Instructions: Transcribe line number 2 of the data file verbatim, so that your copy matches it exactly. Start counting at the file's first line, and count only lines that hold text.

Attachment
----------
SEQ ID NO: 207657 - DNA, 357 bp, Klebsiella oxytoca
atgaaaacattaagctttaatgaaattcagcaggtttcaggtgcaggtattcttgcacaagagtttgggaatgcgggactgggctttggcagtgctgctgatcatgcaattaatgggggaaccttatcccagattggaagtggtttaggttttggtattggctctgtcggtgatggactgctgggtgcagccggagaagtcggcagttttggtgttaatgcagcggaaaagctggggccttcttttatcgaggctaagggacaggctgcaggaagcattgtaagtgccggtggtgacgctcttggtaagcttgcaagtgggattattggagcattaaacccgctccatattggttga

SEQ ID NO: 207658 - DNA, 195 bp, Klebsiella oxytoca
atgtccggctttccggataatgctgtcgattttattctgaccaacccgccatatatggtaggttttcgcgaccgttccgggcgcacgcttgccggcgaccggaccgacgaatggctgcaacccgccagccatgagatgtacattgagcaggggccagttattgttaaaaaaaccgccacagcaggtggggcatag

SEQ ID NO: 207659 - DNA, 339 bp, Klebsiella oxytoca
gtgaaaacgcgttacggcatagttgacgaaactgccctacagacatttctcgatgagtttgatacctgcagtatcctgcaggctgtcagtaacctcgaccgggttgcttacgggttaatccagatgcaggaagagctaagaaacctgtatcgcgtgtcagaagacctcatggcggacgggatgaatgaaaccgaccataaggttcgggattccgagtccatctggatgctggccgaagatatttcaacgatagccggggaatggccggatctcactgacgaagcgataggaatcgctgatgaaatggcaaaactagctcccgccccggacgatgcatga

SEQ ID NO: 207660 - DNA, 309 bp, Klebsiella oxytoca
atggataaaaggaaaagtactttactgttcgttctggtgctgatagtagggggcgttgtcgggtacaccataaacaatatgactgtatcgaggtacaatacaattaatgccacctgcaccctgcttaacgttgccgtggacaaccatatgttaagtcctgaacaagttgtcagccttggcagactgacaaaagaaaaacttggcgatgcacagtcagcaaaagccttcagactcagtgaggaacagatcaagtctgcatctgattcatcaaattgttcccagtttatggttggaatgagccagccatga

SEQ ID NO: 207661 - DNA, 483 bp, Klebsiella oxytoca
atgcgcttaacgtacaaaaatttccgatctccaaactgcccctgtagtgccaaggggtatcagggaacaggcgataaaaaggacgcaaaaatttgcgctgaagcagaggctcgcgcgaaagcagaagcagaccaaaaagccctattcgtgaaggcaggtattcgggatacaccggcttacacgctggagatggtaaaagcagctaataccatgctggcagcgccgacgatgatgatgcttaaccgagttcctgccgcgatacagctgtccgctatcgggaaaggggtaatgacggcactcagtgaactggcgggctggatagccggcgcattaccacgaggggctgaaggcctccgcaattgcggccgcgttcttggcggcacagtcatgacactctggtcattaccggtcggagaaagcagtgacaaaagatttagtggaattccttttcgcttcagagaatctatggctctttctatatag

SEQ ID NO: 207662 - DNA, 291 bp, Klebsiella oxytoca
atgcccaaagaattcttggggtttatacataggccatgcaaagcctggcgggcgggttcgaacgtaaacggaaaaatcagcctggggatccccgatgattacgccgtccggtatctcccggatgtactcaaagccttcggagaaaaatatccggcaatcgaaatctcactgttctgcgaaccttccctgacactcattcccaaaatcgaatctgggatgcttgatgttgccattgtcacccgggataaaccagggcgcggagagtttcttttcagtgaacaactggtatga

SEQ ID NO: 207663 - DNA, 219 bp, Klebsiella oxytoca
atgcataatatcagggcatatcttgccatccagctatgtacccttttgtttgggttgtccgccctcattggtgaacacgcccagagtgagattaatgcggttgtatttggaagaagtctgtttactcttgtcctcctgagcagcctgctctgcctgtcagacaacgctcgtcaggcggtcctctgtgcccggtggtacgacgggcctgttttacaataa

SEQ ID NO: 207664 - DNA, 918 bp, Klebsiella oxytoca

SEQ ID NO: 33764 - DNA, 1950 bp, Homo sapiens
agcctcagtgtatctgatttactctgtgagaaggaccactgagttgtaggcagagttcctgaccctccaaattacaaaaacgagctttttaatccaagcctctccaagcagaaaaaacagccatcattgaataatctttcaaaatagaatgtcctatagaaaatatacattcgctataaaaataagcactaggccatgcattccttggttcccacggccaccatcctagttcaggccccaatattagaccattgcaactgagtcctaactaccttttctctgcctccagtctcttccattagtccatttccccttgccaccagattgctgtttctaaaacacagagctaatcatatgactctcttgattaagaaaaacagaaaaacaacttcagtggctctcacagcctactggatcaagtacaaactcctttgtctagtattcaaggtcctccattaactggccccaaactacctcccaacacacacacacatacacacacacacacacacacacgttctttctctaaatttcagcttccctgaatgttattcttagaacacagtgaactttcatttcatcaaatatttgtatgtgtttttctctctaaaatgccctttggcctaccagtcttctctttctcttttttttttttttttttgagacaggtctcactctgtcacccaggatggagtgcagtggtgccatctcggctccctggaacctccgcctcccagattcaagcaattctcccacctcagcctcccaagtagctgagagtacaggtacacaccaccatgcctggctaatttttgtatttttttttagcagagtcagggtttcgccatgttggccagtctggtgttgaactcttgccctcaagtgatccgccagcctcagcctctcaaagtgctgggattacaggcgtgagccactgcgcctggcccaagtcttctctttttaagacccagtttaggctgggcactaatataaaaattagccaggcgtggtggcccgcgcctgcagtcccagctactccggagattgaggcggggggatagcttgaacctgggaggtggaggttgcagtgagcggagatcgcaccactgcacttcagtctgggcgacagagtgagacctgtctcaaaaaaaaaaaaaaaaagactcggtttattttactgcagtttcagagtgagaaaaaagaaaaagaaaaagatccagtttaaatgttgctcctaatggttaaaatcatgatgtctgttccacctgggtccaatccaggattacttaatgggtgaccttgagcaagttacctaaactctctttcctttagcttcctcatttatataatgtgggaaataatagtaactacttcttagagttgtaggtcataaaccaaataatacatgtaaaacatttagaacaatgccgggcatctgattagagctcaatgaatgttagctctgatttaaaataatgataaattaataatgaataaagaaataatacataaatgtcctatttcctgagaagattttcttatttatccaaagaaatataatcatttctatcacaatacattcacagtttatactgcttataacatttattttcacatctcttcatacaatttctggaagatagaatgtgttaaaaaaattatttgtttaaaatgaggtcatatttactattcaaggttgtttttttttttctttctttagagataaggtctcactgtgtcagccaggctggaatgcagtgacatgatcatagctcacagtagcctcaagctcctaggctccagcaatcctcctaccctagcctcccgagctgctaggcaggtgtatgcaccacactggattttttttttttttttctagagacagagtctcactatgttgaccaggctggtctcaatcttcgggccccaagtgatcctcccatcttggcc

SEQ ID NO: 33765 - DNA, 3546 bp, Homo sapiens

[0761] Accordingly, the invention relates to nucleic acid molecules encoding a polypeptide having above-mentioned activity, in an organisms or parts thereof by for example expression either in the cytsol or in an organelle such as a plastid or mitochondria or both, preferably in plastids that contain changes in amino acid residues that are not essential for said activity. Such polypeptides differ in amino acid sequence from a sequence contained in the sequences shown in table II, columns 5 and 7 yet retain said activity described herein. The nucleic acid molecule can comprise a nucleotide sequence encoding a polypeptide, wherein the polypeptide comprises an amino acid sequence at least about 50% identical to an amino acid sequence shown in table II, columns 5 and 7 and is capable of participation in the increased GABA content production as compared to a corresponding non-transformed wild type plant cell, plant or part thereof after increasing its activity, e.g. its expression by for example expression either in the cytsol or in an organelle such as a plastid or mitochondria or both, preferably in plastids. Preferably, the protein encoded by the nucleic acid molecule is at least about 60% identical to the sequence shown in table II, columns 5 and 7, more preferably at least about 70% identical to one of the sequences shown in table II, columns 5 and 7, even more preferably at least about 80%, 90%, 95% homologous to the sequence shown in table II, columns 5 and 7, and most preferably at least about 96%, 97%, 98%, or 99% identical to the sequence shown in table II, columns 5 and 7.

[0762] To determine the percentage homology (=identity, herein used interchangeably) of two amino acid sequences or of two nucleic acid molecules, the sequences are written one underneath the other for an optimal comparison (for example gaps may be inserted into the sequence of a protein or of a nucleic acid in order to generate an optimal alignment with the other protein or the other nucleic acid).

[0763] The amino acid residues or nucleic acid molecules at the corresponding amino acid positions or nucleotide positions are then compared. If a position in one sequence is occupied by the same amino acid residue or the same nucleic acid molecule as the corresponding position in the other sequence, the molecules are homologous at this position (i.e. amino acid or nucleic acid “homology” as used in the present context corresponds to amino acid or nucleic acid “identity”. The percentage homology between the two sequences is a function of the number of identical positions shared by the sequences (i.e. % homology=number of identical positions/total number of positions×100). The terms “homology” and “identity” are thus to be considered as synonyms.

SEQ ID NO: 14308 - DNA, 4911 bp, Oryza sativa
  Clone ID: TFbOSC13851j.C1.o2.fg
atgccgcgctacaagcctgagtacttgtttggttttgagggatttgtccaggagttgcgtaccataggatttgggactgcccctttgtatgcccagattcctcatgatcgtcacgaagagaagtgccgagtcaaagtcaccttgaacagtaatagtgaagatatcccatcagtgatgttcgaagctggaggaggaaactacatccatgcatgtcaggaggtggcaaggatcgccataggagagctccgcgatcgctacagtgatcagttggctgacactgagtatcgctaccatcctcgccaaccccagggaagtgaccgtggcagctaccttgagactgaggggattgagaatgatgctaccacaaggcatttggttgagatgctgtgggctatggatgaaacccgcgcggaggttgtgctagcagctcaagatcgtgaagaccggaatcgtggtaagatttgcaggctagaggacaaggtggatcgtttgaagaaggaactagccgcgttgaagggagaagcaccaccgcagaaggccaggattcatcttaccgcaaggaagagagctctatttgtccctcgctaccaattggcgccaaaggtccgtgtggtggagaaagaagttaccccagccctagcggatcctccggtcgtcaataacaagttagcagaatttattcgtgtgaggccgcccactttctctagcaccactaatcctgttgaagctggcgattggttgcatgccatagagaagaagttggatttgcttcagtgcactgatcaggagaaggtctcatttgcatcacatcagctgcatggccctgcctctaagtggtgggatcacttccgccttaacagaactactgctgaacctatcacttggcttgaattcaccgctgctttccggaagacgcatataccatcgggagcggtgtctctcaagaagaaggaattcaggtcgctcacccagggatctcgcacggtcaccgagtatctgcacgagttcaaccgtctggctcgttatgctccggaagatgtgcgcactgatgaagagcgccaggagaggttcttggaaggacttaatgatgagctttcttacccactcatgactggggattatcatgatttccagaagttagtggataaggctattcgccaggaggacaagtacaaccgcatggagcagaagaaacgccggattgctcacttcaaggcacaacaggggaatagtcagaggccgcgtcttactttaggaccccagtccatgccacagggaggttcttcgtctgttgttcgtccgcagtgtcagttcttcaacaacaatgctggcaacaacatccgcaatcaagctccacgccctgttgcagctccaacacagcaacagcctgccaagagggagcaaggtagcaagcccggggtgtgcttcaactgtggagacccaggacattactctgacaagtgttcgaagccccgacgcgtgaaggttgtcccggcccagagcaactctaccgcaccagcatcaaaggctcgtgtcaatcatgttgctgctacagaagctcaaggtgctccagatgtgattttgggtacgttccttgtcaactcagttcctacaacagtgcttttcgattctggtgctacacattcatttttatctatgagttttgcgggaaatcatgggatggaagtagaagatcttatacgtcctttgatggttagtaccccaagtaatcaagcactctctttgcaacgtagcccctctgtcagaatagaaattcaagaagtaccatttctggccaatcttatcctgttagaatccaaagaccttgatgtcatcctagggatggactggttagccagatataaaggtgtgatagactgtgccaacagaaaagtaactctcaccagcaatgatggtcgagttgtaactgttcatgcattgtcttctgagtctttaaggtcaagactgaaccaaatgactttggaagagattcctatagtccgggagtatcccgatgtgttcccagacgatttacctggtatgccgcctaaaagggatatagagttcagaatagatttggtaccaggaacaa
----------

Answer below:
atgaaaacattaagctttaatgaaattcagcaggtttcaggtgcaggtattcttgcacaagagtttgggaatgcgggactgggctttggcagtgctgctgatcatgcaattaatgggggaaccttatcccagattggaagtggtttaggttttggtattggctctgtcggtgatggactgctgggtgcagccggagaagtcggcagttttggtgttaatgcagcggaaaagctggggccttcttttatcgaggctaagggacaggctgcaggaagcattgtaagtgccggtggtgacgctcttggtaagcttgcaagtgggattattggagcattaaacccgctccatattggttga